Five month cessation of economic activity does not preclude the existence of a TUPE transfer

Five month cessation of economic activity does not preclude the existence of a TUPE transfer

In Colino Sigüenza v Ayuntamiento de Valladolid and others (Case C-472/16), the European Court of Justice (ECJ) found that a relevant transfer within the meaning of the Acquired Rights Directive had potentially occurred despite a five month cessation of economic activity.



Ayuntamiento de Valladoid (“Ayuntamiento”) ran a municipal music school in Spain. The running of the school was outsourced to Musicos y Escuelas (“Musicos”). Following a sharp decline in pupil numbers and the school becoming unprofitable, Musicos dismissed all of its employees in April 2013, including Mr Sigüenza.  Ayuntamiento terminated its contract with Musicos and awarded a new contract to run the school to In-Pulso Musical Sociedad Cooperative (“In-Pulso”) with effect from September 2013, when the school reopened using the same facilities and equipment but hiring entirely new employees.

Mr Sigüenza brought a claim for unfair dismissal against Musicos, Ayuntamiento and In-Pulso on the grounds that there had been a relevant transfer from Musicos to In-Pulso and that transfer was the reason for his dismissal, making his dismissal automatically unfair.  The local court dismissed his claim and ruled that there had not been a relevant transfer because the activities had not recommenced until five months after the dismissals had occurred.  Mr Sigüenza appealed the decision.


The ECJ found that the circumstances were still capable of being a relevant transfer.  While the closure of the school for such a long period of time was relevant to the question of whether there had been a relevant transfer, because it may indicate the absence of an organised grouping of employees, it was not determinative.  It was significant that the school would have been closed for three of those five months in any event as a result of the annual school holidays.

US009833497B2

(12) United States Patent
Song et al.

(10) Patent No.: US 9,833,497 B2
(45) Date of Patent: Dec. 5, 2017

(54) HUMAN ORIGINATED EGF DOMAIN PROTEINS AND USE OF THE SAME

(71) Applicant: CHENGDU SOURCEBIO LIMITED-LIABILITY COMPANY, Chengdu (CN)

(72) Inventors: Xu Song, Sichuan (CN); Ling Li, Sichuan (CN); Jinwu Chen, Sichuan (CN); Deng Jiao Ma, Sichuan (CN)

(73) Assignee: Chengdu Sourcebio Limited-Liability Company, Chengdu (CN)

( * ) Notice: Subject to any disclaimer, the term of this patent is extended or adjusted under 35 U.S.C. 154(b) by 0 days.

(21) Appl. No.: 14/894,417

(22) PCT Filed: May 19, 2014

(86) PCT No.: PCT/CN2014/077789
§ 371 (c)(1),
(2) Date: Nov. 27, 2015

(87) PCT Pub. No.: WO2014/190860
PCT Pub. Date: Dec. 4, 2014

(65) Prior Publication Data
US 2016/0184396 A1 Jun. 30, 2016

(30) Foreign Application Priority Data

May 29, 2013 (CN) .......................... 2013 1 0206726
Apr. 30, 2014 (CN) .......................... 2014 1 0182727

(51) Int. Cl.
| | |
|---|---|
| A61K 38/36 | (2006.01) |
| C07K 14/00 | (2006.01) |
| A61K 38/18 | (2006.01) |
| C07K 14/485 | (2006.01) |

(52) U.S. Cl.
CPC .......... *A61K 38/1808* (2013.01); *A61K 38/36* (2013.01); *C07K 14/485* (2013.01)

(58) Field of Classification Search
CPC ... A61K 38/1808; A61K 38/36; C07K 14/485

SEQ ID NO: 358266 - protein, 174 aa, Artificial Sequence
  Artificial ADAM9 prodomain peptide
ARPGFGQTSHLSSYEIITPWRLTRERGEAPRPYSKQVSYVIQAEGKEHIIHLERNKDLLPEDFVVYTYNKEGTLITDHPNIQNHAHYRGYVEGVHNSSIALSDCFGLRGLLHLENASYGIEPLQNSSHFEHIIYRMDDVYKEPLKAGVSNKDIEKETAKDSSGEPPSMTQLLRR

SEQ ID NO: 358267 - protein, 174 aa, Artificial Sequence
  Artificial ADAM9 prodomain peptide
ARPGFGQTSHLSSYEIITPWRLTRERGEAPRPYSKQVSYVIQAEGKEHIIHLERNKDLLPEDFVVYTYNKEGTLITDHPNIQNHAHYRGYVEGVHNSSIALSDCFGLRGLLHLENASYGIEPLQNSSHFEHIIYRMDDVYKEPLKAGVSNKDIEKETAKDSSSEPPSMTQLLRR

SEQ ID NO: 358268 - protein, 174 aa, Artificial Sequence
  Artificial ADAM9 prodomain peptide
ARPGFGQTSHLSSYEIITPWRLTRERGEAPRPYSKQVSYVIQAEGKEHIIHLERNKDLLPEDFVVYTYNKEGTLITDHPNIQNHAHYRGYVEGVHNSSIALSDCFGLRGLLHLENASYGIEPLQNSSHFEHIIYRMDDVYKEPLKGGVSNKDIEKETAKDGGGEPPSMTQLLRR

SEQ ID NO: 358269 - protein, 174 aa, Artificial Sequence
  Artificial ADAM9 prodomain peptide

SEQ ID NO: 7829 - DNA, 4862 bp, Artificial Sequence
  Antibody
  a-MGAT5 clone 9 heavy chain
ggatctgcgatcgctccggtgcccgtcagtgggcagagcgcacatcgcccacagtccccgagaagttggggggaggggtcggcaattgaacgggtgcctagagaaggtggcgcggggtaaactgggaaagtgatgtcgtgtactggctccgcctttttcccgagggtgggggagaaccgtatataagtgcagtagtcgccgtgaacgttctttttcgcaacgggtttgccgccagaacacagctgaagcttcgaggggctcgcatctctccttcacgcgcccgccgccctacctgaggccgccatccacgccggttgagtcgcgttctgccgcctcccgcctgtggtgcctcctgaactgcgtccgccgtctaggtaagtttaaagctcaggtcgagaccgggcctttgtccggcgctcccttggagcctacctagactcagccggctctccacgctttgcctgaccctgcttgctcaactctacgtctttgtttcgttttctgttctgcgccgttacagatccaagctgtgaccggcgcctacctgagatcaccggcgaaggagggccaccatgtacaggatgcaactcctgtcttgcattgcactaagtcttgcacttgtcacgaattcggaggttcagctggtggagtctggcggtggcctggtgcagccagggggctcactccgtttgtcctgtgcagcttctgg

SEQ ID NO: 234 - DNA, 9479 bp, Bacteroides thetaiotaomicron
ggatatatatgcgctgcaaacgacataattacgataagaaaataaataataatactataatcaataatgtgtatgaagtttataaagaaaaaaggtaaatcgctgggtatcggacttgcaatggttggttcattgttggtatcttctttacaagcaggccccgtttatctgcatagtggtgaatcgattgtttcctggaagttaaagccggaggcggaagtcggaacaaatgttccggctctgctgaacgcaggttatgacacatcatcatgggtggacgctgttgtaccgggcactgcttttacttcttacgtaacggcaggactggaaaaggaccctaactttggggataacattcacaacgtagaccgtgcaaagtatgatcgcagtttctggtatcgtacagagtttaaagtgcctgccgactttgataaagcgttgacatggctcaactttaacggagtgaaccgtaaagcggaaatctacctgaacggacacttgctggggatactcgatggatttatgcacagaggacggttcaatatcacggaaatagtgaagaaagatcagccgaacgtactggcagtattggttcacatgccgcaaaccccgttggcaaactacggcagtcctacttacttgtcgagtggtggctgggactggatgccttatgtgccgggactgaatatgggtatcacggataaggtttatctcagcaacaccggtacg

Given that Mr Sigüenza’s dismissal took place a significant time before the alleged transfer, and the primary reason for the dismissal had been that Musicos could no longer afford to pay its employees, it was likely that there was a genuine economical, technical or organisational reason for Mr Sigüenza’s dismissal entailing changes in the workforce.  As such, the ECJ found that, even if there had been a relevant transfer, Mr Sigüenza’s dismissal was probably not automatically unfair, although the Spanish Courts will make the final decision.


Although the ECJ applied the Acquired Rights Directive in this case, the same principles can be applied to domestic situations governed by the Transfer of Undertakings (Protection of Employment) Regulations 2006 (TUPE).  The case serves as a reminder that a temporary cessation in activities, and even a delay of a number of months, does not necessarily prevent there being a relevant transfer under TUPE.  

Contact our experts for further advice

Search our site